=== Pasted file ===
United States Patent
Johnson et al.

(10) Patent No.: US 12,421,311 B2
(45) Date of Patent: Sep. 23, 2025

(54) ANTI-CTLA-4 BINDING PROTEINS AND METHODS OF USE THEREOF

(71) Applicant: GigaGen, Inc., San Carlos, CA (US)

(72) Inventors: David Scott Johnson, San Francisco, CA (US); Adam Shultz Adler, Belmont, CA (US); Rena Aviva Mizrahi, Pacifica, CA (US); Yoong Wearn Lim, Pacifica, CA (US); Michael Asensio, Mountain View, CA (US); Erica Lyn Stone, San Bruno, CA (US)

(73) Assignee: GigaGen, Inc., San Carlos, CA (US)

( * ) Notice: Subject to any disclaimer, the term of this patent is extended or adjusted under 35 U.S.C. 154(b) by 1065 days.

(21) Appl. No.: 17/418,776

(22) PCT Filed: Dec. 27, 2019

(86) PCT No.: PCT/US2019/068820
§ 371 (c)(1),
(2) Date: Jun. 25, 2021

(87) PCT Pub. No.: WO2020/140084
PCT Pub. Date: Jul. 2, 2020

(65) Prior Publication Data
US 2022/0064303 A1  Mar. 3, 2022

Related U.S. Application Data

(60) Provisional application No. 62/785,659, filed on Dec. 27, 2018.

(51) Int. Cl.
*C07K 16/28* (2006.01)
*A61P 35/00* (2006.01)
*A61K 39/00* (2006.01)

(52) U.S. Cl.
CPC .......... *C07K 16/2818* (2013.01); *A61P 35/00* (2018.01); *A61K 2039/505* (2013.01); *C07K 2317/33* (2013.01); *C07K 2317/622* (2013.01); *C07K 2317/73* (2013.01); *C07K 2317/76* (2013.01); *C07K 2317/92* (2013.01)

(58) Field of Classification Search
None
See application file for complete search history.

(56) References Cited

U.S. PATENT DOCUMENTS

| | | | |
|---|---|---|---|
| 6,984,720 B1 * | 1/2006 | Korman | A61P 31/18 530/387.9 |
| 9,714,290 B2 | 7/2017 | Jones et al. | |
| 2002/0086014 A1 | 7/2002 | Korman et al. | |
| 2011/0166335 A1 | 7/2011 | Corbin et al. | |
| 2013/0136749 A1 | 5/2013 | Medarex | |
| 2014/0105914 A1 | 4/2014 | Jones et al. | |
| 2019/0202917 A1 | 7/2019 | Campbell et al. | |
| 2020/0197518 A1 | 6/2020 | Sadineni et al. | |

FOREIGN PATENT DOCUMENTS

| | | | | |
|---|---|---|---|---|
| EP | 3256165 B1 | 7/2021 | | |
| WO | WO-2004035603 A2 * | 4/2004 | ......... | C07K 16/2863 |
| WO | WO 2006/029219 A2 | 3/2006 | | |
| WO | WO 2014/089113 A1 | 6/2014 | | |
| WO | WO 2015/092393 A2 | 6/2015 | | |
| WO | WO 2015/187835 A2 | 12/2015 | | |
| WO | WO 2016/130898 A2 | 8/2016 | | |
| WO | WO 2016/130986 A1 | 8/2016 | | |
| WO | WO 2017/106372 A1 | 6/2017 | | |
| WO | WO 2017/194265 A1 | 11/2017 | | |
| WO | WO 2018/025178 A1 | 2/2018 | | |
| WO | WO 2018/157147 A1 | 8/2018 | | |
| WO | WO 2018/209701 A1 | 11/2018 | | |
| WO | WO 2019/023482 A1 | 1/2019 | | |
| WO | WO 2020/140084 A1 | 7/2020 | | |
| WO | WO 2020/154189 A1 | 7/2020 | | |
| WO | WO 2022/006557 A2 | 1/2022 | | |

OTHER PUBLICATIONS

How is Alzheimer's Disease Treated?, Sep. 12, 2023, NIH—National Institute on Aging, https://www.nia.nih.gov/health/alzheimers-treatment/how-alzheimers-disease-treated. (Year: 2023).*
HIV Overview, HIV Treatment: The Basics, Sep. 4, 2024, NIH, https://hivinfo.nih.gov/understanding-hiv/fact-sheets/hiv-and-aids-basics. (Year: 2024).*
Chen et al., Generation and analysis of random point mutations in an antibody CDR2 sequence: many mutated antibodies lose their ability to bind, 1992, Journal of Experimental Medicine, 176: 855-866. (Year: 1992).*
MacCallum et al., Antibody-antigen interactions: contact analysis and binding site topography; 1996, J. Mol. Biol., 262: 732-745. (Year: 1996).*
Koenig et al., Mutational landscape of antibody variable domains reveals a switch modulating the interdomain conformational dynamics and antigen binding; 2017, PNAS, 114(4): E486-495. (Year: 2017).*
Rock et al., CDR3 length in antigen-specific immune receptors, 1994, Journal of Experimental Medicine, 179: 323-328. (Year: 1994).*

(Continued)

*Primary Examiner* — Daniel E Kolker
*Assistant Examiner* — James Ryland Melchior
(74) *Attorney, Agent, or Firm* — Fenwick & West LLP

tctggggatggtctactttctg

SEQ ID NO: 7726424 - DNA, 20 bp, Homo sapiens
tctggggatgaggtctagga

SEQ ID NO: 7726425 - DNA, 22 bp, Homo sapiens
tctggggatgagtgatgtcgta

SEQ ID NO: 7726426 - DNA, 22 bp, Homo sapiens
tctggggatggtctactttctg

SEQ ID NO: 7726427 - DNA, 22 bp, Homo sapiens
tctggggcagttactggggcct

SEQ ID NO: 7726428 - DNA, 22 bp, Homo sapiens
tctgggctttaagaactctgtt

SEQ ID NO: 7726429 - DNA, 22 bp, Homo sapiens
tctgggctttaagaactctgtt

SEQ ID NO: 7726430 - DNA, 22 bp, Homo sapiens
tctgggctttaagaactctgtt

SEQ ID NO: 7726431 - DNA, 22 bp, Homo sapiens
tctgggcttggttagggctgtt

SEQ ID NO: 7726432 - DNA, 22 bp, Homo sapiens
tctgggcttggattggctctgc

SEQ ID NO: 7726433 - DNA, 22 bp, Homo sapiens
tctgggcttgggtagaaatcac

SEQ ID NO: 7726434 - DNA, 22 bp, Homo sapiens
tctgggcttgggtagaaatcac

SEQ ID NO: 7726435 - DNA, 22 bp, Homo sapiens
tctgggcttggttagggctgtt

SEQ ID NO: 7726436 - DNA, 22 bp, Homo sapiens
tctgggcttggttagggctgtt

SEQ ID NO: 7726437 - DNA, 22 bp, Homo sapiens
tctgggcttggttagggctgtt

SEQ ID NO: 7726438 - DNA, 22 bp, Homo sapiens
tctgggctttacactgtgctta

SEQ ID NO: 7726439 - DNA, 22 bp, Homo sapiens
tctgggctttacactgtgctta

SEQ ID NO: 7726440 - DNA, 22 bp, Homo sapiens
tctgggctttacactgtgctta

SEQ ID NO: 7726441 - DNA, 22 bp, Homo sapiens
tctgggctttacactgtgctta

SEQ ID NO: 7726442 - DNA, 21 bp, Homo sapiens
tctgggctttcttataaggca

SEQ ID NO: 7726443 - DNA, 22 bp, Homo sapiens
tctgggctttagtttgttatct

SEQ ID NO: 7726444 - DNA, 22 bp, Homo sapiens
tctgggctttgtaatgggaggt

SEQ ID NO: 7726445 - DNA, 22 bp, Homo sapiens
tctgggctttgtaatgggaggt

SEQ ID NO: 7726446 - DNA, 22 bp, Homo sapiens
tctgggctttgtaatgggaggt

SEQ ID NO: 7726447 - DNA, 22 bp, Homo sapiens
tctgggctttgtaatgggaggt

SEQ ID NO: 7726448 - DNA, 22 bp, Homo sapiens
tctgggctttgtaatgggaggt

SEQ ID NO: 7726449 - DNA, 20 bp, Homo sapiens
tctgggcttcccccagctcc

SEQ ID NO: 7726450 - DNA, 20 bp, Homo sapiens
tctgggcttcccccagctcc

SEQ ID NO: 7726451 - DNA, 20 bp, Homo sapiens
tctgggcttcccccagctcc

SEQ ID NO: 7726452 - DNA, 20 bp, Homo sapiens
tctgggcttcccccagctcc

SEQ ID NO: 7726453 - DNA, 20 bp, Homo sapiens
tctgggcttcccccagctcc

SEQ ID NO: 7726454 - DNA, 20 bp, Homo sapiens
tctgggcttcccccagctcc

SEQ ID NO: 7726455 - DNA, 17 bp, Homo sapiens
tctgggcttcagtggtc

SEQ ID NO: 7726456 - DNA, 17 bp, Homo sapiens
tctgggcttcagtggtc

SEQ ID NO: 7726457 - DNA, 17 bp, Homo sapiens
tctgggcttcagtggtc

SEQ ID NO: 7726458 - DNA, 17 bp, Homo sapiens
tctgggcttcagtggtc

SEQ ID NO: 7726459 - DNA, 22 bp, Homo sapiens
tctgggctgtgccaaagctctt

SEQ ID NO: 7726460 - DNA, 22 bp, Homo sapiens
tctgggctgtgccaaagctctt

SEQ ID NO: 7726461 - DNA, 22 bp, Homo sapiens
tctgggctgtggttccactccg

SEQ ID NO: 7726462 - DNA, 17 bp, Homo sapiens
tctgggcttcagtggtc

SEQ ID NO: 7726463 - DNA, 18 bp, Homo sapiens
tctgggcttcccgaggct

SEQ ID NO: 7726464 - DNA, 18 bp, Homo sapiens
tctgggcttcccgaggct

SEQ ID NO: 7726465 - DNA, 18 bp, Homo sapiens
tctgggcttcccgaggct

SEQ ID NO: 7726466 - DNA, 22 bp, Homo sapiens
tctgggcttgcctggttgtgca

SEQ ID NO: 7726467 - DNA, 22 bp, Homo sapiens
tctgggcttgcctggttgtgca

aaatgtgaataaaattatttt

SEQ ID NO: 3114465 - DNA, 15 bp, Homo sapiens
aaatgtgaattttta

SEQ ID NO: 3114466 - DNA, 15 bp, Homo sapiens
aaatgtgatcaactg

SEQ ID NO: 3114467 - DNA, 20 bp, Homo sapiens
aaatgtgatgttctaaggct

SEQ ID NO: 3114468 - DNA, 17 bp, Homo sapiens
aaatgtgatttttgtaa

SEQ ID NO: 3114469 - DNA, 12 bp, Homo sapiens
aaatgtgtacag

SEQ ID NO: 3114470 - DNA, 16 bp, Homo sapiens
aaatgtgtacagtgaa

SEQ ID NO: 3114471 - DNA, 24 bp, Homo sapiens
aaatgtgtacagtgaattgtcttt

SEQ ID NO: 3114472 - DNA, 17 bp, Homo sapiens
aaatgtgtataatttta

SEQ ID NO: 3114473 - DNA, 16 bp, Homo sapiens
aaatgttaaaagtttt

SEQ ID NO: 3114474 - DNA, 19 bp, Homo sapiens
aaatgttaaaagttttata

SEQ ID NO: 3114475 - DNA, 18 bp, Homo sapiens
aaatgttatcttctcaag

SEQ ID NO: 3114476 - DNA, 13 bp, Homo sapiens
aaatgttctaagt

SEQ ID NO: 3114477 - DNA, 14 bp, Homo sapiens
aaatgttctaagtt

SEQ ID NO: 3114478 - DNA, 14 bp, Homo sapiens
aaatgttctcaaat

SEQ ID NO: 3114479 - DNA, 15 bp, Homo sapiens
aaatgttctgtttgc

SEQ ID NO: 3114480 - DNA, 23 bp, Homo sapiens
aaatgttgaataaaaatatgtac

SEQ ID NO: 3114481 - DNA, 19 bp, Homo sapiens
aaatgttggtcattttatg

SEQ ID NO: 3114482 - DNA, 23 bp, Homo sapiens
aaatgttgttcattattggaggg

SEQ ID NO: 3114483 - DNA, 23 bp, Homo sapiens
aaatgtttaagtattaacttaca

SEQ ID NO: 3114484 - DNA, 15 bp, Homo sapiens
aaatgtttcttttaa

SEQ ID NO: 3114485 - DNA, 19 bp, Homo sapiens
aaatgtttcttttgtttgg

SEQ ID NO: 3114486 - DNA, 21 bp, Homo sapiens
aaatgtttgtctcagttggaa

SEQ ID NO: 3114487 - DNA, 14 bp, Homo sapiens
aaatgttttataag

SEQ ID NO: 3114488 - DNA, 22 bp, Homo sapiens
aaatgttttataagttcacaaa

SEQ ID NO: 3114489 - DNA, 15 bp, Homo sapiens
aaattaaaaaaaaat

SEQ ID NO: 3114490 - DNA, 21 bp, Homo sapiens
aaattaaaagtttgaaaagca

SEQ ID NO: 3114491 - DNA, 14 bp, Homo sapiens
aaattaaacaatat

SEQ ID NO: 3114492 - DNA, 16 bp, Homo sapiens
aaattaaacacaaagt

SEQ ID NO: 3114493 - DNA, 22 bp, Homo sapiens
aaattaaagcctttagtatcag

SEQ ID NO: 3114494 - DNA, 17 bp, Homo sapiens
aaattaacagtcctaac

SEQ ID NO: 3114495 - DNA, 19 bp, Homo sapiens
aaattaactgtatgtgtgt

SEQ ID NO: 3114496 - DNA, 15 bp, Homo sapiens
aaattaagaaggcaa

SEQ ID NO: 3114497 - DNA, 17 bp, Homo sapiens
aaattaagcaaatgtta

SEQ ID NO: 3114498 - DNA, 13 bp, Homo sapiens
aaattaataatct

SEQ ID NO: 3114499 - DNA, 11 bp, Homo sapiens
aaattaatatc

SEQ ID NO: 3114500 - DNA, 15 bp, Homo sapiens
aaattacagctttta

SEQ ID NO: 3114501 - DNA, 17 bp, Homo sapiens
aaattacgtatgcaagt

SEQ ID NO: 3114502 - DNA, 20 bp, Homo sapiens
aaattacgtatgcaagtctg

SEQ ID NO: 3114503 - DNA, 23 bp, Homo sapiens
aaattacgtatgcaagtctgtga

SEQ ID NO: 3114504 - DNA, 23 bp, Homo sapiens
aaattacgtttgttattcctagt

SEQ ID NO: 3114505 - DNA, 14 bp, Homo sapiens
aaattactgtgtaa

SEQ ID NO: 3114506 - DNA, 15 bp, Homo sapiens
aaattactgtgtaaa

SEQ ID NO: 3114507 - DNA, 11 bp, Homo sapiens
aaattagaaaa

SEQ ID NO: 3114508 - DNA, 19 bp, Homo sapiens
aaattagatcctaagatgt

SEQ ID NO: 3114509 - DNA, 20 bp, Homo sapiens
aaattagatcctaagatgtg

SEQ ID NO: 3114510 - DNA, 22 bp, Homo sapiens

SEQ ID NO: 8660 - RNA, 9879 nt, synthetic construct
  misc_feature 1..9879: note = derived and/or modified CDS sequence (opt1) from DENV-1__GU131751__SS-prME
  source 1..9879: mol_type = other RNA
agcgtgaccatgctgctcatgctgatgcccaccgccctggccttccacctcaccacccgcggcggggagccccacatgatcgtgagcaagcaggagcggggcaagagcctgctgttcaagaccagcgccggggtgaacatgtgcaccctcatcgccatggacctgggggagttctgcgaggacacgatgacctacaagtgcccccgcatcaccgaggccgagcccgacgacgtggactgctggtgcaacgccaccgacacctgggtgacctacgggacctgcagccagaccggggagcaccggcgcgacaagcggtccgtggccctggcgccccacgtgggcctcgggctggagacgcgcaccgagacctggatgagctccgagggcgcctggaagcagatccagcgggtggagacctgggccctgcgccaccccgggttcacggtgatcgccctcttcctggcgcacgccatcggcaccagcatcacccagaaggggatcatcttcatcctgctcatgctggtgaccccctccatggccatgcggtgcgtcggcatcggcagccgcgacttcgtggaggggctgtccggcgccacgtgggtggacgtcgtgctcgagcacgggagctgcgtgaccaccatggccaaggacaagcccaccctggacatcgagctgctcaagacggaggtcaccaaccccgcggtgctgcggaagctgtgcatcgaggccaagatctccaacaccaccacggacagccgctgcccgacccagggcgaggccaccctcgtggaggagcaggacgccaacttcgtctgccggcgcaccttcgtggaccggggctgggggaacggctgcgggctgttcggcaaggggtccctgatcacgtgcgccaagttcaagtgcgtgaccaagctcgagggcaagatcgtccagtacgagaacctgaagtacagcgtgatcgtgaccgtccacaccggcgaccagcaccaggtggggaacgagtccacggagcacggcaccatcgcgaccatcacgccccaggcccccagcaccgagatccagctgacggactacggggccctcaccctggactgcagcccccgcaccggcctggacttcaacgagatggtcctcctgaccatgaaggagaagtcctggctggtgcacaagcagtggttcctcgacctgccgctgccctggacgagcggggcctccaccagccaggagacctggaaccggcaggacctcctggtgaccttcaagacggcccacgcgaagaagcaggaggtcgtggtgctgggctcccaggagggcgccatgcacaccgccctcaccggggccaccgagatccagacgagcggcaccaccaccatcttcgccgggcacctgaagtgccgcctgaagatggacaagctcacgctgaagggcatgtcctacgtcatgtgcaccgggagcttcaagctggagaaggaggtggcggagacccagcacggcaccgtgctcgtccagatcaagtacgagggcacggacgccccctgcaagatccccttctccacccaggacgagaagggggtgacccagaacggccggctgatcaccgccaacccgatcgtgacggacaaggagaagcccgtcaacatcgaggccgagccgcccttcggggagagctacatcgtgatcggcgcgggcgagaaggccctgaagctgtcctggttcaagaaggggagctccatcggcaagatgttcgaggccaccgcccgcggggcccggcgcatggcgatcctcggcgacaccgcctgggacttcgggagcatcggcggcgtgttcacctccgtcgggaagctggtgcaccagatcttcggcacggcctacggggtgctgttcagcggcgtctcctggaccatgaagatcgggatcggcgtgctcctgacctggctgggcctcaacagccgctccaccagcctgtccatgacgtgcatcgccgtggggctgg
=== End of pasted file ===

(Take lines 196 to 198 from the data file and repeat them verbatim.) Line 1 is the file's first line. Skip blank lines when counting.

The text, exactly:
aaatgttggtcattttatg

SEQ ID NO: 3114482 - DNA, 23 bp, Homo sapiens
aaatgttgttcattattggaggg